Help the voter: It's time to address electronic voting problems

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The Democratic takeover of Congress has opened up a world of possibilities, and one of those concerns a piece of urgent business still left undone. This isn't -- or at least shouldn't be -- a liberal or conservative issue but one about shared values concerning the American system and good government.

In 2002, as a result of the presidential election fiasco two years earlier in Florida, Congress passed the Help America Vote Act, which promised to eliminate problems like hanging chads by mandating electronic voting machines that meet uniform federal standards. The Nov. 7 election was the first great test.

The result was far from encouraging. Although Allegheny County experienced minor problems, The New York Times reported that tens of thousands of voters in more than 25 states encountered serious problems at the polls. One of the most disturbing episodes occurred in Sarasota County, Fla., where 18,000 voters supposedly did not make a choice in a congressional race decided, at least for the reflexively gullible, by 369 votes.

Although nothing so alarming occurred in Pennsylvania, the state wasn't without problems. In this area, long lines developed in Westmoreland County after machines developed problems. Local advocates for the handicapped also complained that their needs were not adequately met.

As a further argument against local complacency, the touch-screen machines used in Sarasota --the ES&S iVotronic -- are from the same vendor chosen by a number of Western Pennsylvania counties, including Allegheny, Beaver, Butler and Westmoreland.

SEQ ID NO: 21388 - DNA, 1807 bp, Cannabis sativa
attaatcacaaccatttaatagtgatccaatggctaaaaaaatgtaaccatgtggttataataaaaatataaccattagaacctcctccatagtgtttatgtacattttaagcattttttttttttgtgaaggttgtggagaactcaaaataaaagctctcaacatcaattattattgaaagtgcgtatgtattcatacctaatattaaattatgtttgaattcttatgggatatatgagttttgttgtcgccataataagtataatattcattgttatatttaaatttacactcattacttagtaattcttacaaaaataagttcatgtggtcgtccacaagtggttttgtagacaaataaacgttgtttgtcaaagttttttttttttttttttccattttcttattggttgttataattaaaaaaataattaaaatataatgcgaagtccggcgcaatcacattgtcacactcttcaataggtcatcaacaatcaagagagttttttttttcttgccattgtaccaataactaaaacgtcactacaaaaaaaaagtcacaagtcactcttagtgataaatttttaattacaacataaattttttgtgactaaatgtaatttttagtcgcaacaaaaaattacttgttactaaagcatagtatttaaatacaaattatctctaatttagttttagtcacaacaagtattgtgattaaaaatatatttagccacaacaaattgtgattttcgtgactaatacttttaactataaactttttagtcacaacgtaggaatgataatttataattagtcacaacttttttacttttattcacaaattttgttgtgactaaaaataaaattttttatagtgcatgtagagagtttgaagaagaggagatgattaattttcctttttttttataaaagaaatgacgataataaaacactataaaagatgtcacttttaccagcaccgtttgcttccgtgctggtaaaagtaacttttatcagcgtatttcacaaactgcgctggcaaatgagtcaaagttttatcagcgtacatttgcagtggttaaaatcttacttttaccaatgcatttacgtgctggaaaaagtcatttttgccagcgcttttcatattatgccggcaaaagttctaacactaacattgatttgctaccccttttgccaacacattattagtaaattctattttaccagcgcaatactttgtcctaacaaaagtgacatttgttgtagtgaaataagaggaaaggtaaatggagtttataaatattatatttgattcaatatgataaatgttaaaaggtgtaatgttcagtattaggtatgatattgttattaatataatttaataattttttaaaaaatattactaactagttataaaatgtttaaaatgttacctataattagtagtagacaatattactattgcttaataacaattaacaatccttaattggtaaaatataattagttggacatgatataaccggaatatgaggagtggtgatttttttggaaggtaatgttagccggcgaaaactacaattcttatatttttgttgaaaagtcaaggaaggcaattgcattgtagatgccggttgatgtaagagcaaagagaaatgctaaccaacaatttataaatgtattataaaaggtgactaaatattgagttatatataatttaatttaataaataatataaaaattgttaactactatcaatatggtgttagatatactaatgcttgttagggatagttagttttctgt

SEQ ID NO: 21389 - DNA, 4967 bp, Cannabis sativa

If these machines had a paper trail, all suspicions would be moot. But as the Post-Gazette's Jerome Sherman reported from Washington this week, Pennsylvania is one of a shrinking number of states that don't require electronic voting machines to have a visible paper backup. The Rendell administration has shown no leadership on this issue and the Legislature has not moved a bill to address the problem.

This negligent behavior makes no sense in a nation that is, sad to say, heir to a culture of electoral cheating to which both parties have contributed historically. In places such as Britain, independent civil servants can be trusted to make sure elections can't be fixed.

In the United States, individual counties such as Allegheny strive to be efficient and fair, but the system overall is under the direction of political figures. On these shores, a system of verifying votes is the only sensible option. That is especially true now that elections are tabulated by computers that many experts have warned are at risk of being manipulated in ways that defy easy detection.

Voter-verified paper trails are the remedy -- and in this regard the Help America Vote Act needs help from Congress. In January, the Rendell administration and the state Legislature also should show that they are willing partners in the effort to make sure that every vote counts.


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